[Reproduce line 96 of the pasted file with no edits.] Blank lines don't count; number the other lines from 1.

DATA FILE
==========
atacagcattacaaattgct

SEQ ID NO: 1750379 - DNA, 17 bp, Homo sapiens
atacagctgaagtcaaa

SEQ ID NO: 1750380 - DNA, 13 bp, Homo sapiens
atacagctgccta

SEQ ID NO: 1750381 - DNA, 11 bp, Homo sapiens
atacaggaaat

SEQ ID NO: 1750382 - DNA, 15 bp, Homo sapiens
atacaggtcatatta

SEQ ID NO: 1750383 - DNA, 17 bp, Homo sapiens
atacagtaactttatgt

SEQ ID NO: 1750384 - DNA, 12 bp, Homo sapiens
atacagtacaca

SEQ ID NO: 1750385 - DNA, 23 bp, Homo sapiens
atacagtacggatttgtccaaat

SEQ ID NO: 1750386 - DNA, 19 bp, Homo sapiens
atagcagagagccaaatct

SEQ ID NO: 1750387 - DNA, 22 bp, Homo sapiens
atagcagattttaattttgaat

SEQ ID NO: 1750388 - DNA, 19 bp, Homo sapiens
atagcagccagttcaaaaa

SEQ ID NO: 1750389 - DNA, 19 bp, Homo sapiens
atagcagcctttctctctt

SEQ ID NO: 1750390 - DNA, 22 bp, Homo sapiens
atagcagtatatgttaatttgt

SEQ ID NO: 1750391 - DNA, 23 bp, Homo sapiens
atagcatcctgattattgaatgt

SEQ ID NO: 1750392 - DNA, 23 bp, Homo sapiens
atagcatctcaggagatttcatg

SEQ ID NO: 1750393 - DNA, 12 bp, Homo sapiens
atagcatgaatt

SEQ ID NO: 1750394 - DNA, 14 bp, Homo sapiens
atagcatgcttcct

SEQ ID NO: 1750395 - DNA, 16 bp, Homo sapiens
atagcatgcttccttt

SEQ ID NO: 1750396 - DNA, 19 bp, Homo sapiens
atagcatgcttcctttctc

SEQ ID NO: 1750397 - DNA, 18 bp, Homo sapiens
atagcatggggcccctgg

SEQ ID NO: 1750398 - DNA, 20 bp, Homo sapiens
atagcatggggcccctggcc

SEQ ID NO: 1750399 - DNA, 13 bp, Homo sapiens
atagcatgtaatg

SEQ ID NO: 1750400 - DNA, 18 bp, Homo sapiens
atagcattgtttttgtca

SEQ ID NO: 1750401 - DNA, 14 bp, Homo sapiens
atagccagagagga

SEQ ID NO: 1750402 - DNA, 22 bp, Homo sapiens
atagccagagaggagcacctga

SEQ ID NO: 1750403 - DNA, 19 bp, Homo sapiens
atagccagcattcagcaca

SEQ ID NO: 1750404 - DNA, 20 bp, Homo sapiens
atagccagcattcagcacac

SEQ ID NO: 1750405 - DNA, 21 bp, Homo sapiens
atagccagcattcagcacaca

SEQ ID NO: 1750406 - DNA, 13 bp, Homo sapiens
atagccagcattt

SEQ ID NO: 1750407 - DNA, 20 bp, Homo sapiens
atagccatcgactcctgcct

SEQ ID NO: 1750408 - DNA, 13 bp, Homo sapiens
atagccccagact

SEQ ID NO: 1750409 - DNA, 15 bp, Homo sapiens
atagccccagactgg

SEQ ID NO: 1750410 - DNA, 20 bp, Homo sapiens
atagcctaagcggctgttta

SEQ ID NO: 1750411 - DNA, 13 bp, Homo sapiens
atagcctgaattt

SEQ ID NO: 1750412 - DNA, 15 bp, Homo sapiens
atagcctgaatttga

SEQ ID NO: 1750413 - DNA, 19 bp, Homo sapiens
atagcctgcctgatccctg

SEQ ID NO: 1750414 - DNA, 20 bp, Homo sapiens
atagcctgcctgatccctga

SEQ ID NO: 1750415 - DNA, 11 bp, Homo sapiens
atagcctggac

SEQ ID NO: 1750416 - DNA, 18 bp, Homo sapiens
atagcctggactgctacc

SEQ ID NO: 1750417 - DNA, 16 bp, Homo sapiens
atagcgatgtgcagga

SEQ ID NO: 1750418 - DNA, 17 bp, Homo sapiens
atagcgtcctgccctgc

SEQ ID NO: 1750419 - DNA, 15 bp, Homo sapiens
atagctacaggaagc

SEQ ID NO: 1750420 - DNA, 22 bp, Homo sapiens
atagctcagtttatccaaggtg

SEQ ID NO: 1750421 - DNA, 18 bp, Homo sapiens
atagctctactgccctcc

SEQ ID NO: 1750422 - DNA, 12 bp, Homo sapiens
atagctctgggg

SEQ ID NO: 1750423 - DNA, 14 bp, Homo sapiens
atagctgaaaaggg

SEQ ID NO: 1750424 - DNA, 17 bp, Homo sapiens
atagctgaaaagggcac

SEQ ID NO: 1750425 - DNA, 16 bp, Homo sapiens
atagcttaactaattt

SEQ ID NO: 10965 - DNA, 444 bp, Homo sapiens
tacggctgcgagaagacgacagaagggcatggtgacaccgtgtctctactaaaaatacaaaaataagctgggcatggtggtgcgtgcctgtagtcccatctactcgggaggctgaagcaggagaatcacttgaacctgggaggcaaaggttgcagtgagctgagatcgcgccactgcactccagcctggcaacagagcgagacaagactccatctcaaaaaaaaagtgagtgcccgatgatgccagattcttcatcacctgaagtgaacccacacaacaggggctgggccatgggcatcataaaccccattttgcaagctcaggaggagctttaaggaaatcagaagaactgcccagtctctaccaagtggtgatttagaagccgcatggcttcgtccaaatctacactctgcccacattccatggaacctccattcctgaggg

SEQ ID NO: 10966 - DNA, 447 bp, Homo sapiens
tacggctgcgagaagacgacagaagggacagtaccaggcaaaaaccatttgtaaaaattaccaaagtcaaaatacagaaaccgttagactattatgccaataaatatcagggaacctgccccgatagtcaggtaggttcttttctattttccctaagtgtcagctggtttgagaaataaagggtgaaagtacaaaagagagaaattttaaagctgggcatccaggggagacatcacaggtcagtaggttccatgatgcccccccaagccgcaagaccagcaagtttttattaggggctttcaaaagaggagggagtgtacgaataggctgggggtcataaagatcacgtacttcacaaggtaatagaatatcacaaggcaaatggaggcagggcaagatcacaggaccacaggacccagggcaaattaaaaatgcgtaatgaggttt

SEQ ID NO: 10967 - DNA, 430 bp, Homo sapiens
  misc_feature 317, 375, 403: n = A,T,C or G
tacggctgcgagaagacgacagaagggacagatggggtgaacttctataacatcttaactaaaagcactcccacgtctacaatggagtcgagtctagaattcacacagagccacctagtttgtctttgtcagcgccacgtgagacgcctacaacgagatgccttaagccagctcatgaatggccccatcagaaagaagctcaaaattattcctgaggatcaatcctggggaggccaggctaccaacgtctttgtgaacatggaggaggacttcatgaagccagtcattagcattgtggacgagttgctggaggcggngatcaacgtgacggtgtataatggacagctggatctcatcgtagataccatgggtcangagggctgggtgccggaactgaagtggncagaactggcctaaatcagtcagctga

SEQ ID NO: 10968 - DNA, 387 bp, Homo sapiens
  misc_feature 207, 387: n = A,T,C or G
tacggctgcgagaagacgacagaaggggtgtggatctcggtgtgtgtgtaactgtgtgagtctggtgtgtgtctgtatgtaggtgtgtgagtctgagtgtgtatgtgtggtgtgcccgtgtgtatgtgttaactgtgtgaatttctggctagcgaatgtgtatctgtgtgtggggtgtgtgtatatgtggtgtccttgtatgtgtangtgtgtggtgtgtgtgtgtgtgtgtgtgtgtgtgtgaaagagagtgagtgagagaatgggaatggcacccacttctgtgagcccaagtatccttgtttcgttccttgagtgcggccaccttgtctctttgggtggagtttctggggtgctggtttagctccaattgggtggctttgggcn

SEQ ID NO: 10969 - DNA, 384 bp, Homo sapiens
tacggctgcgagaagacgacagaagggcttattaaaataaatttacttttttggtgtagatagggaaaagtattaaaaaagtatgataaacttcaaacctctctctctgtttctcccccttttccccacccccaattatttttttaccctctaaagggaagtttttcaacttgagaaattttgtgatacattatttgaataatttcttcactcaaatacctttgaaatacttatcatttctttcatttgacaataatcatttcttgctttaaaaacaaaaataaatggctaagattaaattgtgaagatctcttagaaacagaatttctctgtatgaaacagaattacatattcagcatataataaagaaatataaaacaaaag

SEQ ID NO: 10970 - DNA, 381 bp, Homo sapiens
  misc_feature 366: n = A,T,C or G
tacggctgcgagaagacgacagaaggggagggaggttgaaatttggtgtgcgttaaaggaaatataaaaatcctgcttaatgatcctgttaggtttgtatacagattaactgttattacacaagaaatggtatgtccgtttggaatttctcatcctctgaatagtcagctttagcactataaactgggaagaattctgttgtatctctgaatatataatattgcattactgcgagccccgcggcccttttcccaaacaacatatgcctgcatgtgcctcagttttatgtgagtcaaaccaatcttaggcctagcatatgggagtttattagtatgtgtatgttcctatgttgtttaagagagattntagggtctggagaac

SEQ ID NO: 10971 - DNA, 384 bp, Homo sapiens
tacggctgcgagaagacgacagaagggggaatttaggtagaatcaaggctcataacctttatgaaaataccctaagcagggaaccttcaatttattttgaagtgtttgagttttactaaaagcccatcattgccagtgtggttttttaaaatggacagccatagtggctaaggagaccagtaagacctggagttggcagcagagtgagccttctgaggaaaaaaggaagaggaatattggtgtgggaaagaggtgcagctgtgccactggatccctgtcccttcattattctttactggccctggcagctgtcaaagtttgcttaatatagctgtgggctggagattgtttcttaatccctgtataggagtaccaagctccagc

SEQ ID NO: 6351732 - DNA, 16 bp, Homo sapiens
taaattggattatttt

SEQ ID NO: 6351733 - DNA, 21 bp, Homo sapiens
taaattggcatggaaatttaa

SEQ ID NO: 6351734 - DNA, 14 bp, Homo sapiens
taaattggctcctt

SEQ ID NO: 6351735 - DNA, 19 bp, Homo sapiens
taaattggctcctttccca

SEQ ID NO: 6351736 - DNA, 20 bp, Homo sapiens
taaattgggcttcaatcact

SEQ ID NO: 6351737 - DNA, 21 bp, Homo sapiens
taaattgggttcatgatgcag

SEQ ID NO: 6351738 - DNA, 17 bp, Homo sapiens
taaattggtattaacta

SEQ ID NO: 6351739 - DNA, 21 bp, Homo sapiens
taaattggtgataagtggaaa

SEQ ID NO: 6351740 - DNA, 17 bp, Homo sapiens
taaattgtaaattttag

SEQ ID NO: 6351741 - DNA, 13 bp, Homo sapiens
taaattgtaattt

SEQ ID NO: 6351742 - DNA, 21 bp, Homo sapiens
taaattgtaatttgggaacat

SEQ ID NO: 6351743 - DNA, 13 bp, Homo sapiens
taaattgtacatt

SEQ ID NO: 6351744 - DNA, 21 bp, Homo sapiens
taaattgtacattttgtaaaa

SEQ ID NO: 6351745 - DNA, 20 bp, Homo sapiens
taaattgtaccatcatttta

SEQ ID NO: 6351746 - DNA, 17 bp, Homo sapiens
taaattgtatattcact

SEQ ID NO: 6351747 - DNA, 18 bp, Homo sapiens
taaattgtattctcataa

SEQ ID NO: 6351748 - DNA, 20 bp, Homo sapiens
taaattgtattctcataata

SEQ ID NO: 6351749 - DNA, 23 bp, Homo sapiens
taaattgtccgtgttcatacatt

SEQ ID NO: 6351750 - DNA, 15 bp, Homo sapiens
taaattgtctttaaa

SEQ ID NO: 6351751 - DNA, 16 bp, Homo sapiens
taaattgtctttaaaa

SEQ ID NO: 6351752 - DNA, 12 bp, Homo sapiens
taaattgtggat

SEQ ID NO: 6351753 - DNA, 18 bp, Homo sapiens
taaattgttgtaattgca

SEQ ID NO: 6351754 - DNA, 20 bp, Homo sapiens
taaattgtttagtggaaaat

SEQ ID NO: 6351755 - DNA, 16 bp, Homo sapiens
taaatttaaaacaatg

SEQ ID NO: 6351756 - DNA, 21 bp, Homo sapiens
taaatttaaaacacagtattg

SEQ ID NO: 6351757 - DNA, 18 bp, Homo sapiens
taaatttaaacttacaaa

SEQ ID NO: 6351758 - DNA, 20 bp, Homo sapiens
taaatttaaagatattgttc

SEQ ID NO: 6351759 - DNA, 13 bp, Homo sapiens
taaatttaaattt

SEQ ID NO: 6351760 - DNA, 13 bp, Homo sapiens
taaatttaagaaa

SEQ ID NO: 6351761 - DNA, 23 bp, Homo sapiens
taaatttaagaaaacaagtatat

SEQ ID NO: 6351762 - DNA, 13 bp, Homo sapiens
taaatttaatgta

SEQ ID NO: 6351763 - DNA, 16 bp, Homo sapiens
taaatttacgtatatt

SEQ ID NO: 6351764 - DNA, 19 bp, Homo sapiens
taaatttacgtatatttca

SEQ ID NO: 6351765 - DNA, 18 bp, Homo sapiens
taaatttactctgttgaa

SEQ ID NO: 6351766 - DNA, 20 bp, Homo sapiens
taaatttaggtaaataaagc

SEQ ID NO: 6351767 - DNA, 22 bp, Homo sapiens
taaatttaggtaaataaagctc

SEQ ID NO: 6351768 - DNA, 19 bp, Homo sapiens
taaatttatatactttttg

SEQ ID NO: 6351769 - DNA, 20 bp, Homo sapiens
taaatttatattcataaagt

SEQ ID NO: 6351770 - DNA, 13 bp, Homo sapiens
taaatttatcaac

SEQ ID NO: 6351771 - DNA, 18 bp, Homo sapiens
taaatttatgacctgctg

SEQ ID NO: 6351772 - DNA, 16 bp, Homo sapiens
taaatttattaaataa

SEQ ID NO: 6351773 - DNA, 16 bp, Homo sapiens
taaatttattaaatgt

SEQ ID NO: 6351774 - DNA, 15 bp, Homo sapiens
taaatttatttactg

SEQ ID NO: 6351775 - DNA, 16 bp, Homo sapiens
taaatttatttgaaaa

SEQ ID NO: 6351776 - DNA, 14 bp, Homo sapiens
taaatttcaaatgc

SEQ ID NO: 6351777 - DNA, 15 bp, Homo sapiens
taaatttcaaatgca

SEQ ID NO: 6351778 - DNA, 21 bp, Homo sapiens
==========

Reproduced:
SEQ ID NO: 10965 - DNA, 444 bp, Homo sapiens